I have to say that these are an ambitious bunch of newly-minted adults! Among them are a future doctor, a future pharmacist, a future member of the armed forces (I forget which branch, but I think the air force), and my pal Shannen is going to AIM.

This last one delights me to no end, if for no other reason than she will be in Lubbock for a few months! Shannen is a delightful young woman, and the Lord will surely use her in mighty ways. Her dad said she struggled with the decision, which I totally understand. It's hard to go a different direction than your friends-- especially a direction which may take you halfway around the world.


We took another trip to the... I don't know California's nickname, and I'm too lazy to look it up. The Golden State, maybe? Anyway, that's where we went.

Alex, Chad's stepbrother, has graduated from high school. He looked quite grown-up in his cap and gown-- which I suppose is appropriate, since he is quite grown-up now. I was worried that a graduation ceremony with 400 students would last forever, but it wasn't so bad. We arrived at 5 to get seats for a ceremony that started at 7 (seriously!) and I think it was 10 before we left. It may have been even later than that. Honestly, though, the time went by quickly, and we didn't feel like it was dragging on.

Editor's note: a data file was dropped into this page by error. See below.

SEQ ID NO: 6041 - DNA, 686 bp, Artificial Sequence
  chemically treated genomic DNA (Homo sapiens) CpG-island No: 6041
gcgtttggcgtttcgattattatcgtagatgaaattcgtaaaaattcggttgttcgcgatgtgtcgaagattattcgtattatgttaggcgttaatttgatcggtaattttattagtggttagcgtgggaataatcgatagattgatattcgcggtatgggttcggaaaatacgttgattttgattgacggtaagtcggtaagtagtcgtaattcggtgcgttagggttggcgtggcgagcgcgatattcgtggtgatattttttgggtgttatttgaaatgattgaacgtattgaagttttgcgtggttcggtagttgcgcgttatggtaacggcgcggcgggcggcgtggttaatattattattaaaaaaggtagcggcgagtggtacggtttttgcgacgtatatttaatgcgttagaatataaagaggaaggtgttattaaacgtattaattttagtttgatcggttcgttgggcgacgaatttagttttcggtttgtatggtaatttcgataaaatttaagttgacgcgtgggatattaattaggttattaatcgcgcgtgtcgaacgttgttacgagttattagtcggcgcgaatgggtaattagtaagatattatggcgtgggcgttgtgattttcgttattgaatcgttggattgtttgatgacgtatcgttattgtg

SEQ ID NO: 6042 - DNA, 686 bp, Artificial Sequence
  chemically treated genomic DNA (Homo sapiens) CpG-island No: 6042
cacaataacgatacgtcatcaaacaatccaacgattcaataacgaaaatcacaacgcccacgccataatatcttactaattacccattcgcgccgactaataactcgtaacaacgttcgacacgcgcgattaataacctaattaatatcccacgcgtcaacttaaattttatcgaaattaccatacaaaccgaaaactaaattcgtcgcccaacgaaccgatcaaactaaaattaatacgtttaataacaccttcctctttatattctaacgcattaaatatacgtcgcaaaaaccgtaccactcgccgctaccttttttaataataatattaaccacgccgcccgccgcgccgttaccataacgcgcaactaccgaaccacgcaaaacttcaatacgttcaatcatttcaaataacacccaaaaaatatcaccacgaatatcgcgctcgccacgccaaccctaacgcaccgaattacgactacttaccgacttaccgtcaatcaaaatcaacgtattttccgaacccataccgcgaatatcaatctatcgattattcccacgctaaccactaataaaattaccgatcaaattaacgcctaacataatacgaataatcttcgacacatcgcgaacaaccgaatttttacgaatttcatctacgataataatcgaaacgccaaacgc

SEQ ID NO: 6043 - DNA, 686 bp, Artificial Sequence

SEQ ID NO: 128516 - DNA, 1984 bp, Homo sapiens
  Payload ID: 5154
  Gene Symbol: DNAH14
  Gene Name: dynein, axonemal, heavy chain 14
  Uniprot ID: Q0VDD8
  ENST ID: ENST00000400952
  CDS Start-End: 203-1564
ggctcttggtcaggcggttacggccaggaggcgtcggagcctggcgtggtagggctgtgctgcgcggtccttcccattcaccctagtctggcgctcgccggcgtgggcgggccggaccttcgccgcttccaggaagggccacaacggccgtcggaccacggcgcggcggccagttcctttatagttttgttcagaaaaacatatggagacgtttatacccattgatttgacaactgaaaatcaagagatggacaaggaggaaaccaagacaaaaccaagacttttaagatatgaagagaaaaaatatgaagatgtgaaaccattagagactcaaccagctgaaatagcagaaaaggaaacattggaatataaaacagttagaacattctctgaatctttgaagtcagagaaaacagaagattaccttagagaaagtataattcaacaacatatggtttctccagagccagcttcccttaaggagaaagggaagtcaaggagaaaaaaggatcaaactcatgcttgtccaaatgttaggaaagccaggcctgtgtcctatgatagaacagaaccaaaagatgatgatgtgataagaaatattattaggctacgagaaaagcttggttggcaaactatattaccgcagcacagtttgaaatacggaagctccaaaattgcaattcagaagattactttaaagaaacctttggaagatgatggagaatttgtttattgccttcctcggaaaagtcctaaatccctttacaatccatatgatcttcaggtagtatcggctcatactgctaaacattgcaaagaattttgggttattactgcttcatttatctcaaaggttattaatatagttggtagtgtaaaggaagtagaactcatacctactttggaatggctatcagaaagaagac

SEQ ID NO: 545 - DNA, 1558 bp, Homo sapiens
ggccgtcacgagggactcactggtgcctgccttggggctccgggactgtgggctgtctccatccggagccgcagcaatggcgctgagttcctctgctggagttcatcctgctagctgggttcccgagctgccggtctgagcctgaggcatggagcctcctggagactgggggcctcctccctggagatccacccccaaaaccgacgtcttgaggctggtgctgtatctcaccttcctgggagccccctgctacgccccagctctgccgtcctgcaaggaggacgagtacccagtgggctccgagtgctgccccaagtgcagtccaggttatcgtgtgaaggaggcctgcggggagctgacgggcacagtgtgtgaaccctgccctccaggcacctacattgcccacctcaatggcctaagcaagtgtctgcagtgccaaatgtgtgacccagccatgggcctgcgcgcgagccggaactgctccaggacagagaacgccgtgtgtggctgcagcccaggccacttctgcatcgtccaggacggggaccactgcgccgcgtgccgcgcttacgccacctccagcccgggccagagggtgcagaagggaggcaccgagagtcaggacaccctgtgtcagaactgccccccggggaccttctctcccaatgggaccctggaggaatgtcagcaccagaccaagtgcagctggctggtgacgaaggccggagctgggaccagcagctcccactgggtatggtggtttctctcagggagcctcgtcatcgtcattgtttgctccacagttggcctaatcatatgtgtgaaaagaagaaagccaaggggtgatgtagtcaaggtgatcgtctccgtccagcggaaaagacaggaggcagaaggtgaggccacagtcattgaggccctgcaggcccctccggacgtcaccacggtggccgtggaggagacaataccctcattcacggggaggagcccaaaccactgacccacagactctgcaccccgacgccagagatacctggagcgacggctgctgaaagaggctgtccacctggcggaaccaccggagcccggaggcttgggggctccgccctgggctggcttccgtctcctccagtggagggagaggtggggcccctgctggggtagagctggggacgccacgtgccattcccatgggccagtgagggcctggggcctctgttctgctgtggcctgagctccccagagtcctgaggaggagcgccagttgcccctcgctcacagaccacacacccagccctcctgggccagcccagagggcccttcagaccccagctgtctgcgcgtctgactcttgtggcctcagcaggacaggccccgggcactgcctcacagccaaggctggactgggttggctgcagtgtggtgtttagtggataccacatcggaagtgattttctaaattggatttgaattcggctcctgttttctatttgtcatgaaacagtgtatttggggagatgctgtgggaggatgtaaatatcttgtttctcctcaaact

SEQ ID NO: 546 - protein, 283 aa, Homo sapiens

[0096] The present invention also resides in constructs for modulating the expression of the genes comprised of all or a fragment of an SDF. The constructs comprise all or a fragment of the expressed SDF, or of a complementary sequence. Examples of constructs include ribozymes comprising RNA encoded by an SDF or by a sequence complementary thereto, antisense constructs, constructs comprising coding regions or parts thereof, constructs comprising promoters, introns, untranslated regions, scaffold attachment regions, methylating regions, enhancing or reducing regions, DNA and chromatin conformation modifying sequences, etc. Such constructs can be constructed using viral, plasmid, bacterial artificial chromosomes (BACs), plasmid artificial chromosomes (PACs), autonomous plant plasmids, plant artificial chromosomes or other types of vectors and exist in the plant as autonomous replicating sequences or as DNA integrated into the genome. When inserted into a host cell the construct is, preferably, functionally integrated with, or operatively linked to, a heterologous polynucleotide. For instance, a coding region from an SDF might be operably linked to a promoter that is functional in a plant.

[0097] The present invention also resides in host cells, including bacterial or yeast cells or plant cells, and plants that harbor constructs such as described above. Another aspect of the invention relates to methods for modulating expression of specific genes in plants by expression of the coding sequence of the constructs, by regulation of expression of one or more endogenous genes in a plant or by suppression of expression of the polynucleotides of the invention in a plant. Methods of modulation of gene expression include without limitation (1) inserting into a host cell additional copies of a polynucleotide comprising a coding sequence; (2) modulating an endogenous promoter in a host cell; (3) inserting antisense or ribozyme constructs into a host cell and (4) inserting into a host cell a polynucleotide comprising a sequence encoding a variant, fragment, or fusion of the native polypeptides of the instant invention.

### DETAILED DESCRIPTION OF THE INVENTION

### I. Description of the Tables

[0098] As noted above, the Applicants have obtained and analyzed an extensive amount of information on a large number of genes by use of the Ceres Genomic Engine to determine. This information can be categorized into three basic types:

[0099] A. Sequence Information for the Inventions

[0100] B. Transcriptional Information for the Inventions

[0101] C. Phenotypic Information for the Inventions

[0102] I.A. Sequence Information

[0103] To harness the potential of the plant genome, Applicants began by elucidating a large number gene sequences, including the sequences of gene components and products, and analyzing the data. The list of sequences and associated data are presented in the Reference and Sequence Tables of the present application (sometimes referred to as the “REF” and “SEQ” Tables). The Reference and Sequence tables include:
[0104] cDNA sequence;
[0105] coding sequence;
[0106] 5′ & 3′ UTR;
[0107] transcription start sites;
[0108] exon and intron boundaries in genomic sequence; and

Anyway, the trip was very nice, even if it was short. We saw Chad's family, but didn't have time this time around to go see my California relatives. Our plan is to go out again after we have children, so it won't be long before we see them again.


Cline Paden passed away a few weeks ago. This was in no way a surprise to anyone; he has been failing for a few months now. His gain is our loss-- he will be missed.

His funeral was long but very nice. Really, as much as he accomplished in life (or rather, as much as the Lord used him to accomplish His work), there was just no way the funeral could be any shorter. In fact, it could have been much longer! He was eulogised by family members, friends, and co-workers. And I came away wishing I could have known him better.